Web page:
Tiger tossed and turned, far below on her lissome bed, as the mob split and pincered, separating into a lissajous figure, dual harbingers of the hunt, mad about the sparse scrub straying wildly with their improvised weapons. There were children too with wild eyes like forgotten suns and sharp little teeth bared in anticipation of the spilling of blood. They came at her hut like a pack. Running madly on the still-grey dust, kicking up silent rivulets - rose to settle, hacking at the air.

            For in each of their hearts was fear.

            Snow Yang was as unseen as Tiger Generator. Morbidly obese he could do little but feed on the spoils on his tribe, ruling them with intellectual savagery and the iron fist of his family. Yet his spirit rushed through the veins of each of them, driving them onward and upward, to the place where Gitty was.

            The first thing that quailed them for a flush was the hawk. Riding an invisible thermal from a wind no human could see she screamed out her warning. “That be Gitty’s eyes,” said one. “Come for us, she will, in our beds. Whether we noose her or not,” said another.

            It was the westward column that was stopped before they even reached Gitty's house. The interruption to their giddy march was the possession of an illegitimate child. From high marching wooden sword waving splendour to the confines of the ditch growling. She came up spitting redmouthed raging tongues, torn by briars, taken suddenly by some esoteric malevolent spirit marching subterranean through the stricken land with ill, ill intention. This is what she said:

            Go back

            Go back you wastrel fools

            She will turn each of your hearts to poisoned waste.

            Black will burn your corpses

            A burly widearmed man, a survivor of the battle for London, stepped to her with his chipped axe raised against the screams of the father who knew she was not his.

            “She has taken the soul of the child.” Someone screamed. And sure enough the little girl’s cheeks seemed to burst with venom as she howled in vitriolic rage at her assailant. Taking up a stick she stabbed him in the stomach as her father reached her and swept her up and away and the man with the axe was restrained, clutching at the spreading patch of blood at his midriff.

            “She can take each of us at any time.”

            “We should go back right now and pretend we never wanted to kill her.”

            “Hush you fool! Her ears are everywhere.”

            The hawk screamed from somewhere overhead as the first rays of sun broke over the land. The monsoonal clouds hovered overhead, threatening to break at any moment. One of the vanguard of the eastern column fell to his knees, clutching at his eyes howling pain. So close now they could see the hut shrouded in its little defile they stepped by the man, gaining momentum, hefting and raising their weapons for the siege.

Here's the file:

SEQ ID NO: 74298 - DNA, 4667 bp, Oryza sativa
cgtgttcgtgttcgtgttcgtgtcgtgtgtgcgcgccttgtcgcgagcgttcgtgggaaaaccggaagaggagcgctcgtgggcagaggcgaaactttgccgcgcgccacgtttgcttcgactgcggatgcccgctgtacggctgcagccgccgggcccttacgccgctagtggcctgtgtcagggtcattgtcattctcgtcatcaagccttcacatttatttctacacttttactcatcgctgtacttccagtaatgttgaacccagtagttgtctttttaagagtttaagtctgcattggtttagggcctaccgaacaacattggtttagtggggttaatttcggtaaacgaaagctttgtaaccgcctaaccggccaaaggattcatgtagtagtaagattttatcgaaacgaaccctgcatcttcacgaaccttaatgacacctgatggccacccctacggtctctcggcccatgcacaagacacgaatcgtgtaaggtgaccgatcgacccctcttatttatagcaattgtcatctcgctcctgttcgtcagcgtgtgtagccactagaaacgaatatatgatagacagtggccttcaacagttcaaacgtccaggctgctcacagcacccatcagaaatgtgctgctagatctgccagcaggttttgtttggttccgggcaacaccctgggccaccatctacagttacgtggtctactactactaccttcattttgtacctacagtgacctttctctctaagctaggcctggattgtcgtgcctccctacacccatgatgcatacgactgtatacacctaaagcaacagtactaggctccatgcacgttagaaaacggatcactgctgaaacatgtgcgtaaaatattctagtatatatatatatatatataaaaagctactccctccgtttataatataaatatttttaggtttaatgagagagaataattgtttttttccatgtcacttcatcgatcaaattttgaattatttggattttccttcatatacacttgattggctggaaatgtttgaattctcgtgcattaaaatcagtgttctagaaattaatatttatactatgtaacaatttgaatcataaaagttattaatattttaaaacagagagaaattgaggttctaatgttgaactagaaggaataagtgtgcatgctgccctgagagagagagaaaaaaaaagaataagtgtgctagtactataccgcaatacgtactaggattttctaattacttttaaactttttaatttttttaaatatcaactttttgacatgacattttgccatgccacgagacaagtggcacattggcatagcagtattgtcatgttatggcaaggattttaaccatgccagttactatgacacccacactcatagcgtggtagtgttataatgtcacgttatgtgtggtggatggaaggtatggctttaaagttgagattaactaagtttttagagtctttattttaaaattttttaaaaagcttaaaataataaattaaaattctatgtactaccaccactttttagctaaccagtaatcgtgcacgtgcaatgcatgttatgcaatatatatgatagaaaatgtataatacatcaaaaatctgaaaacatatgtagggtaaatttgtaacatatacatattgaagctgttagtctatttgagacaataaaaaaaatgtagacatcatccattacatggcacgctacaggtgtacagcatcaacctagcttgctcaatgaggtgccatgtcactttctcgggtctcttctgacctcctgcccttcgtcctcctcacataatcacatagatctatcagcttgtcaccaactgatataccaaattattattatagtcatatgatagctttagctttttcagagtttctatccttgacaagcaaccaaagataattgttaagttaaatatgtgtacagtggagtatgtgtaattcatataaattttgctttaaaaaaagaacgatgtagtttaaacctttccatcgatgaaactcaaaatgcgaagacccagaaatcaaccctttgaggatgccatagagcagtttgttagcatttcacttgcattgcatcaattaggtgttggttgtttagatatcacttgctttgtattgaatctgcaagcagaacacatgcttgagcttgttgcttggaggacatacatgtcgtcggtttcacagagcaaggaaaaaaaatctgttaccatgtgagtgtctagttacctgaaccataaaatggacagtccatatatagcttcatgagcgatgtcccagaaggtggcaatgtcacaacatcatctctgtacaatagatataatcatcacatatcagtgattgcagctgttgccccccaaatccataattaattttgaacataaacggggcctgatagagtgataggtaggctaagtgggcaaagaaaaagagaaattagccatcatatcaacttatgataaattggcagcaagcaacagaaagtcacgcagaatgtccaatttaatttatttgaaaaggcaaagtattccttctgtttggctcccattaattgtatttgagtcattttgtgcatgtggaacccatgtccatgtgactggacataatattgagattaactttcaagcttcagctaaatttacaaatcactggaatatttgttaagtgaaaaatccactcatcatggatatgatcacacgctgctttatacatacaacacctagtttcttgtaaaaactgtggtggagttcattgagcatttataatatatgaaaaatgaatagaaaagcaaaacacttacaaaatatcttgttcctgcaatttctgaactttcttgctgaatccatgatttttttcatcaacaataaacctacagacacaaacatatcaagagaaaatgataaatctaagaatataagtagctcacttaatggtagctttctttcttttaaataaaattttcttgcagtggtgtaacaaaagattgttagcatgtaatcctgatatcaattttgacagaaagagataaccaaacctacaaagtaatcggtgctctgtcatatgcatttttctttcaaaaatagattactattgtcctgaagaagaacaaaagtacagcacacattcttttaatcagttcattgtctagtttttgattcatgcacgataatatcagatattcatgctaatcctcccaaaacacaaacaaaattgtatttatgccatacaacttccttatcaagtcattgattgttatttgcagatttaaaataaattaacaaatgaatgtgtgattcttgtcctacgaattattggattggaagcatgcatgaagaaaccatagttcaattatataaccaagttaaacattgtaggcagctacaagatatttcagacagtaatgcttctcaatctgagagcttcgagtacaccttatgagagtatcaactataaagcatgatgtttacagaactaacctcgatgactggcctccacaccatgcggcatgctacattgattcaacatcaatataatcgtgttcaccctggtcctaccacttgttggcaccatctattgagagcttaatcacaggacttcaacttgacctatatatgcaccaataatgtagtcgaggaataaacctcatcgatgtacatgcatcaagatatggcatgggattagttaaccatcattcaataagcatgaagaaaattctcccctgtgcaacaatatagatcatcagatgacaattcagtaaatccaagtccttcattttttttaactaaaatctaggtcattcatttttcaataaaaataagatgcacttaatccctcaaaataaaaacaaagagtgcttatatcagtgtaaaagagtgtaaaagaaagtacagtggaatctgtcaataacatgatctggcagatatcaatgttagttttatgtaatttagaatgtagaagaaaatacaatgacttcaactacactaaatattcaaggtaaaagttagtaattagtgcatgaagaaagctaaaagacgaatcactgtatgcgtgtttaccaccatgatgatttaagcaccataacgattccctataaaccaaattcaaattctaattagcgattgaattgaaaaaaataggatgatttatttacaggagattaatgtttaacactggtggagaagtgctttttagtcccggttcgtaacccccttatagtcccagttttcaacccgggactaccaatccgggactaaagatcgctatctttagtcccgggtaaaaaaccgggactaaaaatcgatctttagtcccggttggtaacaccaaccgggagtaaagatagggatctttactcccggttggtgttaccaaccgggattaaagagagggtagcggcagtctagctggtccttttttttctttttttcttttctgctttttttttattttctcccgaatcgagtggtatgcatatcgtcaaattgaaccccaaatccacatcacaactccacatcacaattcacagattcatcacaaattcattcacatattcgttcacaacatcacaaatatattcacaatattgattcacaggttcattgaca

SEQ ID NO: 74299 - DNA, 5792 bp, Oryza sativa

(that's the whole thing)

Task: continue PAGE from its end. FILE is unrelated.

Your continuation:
From nowhere came the song of a wolf. A black cloud swept across the sun and as the two columns met there was a peel of thunder that made the earth twitch with its incessant anger, changing the patterns of the dust. Inside the hut, Gitty clutched her face in her hands, felt the urgent calling of the landscape. It could not now bear to give her up.

            She who had called the moon in the daytime to dance about the high plane with eyes glowing orange like a madrigal cat. Gitty with her magic hand who could pluck a child like a blackberry from the broken body of a mother in a land with no anaesthetic. She did not weep for herself but for them, for their forsaken spirits, for the hell that would rain upon them. The first axe splintered the tarred timber boards of her door, busting out the hinges in a rain of rotten wood. Shadows of the cave and the mob drew back at the violent stroke, waiting to see what came from within, drawing now with a single breath.

            The possessed child in the arms of her father began to gabble in tongues. Help me, help me, do not blame me, save us, save us. She implored the naked ground in a stream of invective. Then darkness swept upon them and it seemed to the mob that faces lunged at them from the black earth with violent rows of teeth and ruby eyes. The rain fell in a tropical mass and from the back of the crowd some ran onto the plateau and were swallowed by the sudden night. The sky boiled, the tempo of the thunder increased.

            The hawk dropped and clutched at the eyeballs of the man on his knees and his screams reached out and lashed each of them in turn. Tiger Generator moaned and turned in her bed below.